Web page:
Admitting to a love of country music was once enough to relegate you to the realm of social outcast, leaving you to nurse your ‘achy breaky heart’ in solitude. But talk to those acquainted with the real roots of country music – and the genius of guitar slingers Johnny Cash, Merle Haggard and Hank Williams, Jr. – and you’ll discover a culture and musical movement with influences that stem far beyond its genre. Jason Scott unexpectedly picked up his penchant for country music in the electronic-music mecca of Ibiza and has since his combined his love of Americana with his passion for well-executed drinking dens. Alongside mate Anton Forte, Jason opened the unabashedly country-fied Shady Pines Saloon in Sydney (named Gourmet Traveller’s Bar of the Year in 2011). And he has recently returned to bring a similar country aesthetic to his hometown, opening Lefty’s Old Time Music Hall with local bar-and-restaurant ace, Jamie Webb.
I grew up in Brisbane … in Daisy Hill. My childhood dream was to live in New York – or to be a spy or a race-car driver.
I did an economics degree … because I thought that would help me to become a stockbroker, which would then allow me to move to New York. But I soon realised that I didn’t really want to work in an office all day, so maybe I should just travel to New York anyway.
I ended up living in New York for two years … working in bars and restaurants. I loved living there and I didn’t really imagine that it could have been as good as it was – I knew it was going to be amazing but it was so much more than that.
I loved that feeling … that anything could happen in New York, like you were at the centre of the world – well, the English-speaking world at least. There was this kind of natural energy and everyone moved there to do something. No one was really stuck there or just hanging out doing nothing. As soon as you don’t do anything, you run out of money and you need to leave the city. You could be reasonably poor living in New York but you have to at least be trying to get by. I also found it really friendly because it’s basically a city of people from all different places around the world. Not many people grew up in New York, so they knew what it was like to be different. Other people say New York is ruthless, but I found it easy to meet people and make friends.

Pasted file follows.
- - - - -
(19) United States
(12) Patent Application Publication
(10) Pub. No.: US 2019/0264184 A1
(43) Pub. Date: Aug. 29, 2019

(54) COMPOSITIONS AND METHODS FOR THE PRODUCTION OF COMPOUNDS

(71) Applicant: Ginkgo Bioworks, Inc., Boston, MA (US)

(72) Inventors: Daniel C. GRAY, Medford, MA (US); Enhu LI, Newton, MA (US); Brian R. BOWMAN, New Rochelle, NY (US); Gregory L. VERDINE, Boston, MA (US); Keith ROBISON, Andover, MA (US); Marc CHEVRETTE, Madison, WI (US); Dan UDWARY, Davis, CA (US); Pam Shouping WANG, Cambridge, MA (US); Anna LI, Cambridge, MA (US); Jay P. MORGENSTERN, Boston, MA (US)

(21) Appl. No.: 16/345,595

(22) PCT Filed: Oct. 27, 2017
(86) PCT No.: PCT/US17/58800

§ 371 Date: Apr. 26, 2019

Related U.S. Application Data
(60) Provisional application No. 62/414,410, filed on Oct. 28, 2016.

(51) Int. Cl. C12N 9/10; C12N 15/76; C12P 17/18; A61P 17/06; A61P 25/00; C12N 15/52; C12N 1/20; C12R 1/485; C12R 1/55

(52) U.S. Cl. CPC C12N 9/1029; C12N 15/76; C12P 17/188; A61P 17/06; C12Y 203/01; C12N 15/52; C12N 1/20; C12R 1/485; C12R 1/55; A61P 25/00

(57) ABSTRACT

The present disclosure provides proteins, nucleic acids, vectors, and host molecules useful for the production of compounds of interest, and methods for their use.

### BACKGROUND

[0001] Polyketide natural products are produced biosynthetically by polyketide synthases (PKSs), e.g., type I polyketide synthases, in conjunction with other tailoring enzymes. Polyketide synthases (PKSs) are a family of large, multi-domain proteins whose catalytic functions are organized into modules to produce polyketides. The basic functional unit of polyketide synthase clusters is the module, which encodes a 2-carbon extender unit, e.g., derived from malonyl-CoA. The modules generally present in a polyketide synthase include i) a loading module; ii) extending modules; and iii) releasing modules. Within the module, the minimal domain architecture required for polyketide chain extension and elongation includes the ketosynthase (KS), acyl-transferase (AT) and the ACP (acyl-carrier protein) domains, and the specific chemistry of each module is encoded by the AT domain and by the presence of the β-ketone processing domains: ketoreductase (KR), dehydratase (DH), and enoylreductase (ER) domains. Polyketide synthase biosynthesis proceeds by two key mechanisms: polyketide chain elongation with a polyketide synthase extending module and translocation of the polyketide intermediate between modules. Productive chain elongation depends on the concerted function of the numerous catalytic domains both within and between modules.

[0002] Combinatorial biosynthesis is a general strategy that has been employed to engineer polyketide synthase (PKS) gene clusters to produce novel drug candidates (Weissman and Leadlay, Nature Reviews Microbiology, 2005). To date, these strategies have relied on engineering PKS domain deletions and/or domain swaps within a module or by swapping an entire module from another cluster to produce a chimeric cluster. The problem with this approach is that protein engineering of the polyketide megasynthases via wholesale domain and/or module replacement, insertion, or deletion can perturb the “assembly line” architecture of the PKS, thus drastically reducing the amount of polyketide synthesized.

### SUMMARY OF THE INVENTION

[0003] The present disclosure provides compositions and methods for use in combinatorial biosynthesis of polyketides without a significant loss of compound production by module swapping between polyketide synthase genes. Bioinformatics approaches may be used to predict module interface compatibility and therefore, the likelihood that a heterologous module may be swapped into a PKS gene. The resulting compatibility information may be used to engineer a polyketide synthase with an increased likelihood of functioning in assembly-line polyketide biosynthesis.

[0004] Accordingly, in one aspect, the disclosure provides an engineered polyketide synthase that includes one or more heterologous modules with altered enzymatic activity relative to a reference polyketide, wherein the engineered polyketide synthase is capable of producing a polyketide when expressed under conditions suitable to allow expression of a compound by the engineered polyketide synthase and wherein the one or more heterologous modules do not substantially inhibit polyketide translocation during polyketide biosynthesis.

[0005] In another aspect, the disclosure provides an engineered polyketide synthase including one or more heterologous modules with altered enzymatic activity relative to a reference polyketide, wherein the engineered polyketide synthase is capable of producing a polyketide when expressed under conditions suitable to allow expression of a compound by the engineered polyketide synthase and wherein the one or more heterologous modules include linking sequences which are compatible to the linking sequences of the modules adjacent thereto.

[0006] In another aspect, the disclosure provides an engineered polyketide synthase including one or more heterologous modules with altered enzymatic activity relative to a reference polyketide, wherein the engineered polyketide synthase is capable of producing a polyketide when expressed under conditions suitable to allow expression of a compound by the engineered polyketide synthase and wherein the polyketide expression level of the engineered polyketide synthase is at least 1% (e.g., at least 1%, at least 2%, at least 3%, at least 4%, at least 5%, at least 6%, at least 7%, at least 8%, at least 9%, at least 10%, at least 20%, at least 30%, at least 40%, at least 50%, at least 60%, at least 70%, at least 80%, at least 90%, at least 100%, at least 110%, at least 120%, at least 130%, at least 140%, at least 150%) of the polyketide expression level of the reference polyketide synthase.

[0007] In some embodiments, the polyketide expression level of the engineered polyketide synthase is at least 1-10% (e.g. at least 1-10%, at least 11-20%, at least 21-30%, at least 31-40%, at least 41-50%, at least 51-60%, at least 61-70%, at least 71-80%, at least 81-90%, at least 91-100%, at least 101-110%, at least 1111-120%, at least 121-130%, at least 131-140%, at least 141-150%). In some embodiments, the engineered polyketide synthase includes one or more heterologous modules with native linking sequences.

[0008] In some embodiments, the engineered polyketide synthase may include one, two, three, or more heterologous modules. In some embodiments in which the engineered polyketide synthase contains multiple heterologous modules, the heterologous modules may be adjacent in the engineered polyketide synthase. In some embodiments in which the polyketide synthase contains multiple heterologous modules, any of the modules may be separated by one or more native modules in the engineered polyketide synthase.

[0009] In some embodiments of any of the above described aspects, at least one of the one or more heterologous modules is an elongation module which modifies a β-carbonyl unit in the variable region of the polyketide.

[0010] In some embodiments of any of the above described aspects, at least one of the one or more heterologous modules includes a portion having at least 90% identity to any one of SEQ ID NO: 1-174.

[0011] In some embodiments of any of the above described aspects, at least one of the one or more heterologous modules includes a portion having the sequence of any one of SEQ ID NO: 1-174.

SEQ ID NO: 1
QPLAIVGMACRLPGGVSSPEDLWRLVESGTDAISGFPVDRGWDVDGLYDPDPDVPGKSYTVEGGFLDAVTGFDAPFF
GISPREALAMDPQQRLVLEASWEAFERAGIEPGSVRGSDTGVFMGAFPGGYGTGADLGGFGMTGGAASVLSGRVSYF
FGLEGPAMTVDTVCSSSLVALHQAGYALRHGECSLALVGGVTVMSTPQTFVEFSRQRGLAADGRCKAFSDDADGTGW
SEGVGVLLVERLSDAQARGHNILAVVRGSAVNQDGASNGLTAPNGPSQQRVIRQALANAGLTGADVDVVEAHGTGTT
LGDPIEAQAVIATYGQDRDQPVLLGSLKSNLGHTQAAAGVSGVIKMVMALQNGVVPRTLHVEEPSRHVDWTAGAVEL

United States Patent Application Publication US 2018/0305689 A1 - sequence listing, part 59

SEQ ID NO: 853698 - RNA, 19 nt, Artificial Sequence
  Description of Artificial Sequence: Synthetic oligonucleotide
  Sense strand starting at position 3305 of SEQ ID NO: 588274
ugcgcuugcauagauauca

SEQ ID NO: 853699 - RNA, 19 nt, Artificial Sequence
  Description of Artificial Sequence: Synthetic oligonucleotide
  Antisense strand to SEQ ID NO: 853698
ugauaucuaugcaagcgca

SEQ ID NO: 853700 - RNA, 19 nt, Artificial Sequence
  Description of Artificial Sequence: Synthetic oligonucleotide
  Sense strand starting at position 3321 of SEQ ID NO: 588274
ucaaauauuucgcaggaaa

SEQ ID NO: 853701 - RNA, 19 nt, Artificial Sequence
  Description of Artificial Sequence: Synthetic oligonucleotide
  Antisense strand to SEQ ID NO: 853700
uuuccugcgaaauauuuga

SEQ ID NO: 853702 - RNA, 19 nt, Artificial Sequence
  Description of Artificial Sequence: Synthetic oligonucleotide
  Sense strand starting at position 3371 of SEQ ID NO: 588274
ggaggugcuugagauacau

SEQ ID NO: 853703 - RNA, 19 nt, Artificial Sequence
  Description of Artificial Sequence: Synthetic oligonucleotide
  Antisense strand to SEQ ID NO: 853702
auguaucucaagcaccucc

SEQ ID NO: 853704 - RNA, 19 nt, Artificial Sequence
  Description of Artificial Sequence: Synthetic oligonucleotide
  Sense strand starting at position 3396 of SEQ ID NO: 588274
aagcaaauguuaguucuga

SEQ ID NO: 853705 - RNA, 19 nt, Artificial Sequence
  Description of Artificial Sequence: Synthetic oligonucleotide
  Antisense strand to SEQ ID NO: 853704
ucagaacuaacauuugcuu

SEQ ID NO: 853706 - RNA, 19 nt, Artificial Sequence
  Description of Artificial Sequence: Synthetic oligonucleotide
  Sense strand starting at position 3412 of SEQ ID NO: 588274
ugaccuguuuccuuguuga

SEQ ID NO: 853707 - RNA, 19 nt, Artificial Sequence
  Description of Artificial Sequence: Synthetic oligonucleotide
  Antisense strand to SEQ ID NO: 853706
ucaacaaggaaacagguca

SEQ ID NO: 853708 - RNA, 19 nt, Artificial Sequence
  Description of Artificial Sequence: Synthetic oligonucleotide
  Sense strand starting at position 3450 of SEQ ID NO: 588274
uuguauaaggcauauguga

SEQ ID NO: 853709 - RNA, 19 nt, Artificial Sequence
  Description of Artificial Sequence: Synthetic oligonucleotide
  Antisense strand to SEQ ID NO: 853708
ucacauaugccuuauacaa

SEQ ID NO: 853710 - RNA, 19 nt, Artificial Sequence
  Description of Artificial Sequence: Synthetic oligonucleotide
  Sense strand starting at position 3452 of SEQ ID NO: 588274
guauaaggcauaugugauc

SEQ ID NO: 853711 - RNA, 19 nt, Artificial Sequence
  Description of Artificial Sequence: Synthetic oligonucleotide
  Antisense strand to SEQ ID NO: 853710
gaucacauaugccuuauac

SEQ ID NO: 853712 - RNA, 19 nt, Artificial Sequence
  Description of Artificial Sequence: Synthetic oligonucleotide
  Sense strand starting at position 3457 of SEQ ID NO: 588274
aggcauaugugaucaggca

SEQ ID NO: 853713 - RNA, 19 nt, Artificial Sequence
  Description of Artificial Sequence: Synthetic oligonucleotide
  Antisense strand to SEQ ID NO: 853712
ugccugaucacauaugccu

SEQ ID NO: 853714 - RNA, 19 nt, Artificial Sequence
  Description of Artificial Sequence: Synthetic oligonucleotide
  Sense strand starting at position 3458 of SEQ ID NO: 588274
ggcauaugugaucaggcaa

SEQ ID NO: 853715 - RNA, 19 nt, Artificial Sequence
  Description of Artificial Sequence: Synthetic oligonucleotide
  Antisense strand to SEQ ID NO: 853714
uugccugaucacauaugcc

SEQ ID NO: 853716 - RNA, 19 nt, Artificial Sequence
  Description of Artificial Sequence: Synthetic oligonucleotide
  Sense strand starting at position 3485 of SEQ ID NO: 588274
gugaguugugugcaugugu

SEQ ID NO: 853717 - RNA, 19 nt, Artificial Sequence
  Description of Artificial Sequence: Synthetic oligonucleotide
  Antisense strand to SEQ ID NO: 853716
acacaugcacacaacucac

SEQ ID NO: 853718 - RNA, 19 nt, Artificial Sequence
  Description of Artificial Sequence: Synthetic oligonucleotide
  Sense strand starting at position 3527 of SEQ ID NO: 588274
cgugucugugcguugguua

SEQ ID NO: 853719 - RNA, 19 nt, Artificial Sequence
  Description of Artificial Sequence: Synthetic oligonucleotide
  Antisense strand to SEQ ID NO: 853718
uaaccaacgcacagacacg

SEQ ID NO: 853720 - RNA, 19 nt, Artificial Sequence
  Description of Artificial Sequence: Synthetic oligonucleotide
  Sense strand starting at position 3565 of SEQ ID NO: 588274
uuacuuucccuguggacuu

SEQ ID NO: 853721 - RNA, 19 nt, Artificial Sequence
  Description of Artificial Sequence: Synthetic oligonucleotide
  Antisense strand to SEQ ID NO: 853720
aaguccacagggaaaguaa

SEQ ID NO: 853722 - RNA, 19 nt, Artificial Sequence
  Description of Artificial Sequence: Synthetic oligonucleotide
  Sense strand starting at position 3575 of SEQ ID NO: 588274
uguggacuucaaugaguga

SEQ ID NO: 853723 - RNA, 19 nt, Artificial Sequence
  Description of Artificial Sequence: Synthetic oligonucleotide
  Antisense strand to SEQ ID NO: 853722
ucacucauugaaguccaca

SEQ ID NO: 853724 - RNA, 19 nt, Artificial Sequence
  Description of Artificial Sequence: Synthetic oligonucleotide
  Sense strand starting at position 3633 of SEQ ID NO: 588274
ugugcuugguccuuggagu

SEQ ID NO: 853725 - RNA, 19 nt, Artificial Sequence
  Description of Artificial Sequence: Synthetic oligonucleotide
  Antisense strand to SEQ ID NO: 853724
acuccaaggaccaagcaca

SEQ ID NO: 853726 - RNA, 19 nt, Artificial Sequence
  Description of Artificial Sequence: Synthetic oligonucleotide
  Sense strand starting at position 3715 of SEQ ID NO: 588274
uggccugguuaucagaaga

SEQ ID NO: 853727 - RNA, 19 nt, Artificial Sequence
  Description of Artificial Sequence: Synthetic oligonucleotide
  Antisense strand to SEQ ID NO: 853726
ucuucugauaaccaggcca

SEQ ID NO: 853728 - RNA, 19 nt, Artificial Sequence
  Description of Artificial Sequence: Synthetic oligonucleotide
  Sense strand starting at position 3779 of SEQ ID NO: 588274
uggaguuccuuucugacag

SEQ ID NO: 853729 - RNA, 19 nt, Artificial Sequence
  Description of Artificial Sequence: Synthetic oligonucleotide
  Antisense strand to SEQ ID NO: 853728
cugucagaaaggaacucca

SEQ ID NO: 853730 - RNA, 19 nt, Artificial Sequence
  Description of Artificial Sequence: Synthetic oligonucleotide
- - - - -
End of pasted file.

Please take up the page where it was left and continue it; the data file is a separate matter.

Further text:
I was away overseas … for seven years in total. I spent a year in Canada, two years in London, a year in Ibiza – which was a really long year – and then two years in New York and a year in Amsterdam.
When I came back to Australia … I knew I didn’t want to live in Brisbane, so I thought about opening a bar in Melbourne because there’s such a good bar scene there. But then one weekend I was on a trip to Sydney and realised that not only was the weather better there than in Melbourne, but it had one of the worst bar scenes in the world. There was a huge gap between what people wanted and what they were able to get. So I decided to move to Sydney.
Anton and I met … while working at The Victoria Room down here in Sydney and we just got on really well. We would get drunk a lot together and lament about how bad Sydney bars were and thought that we could do better. We helped open Oxford Art Factory – where I was manager and he was assistant manager – and that went really well, so we thought we could probably give it a go ourselves and open our own bar together.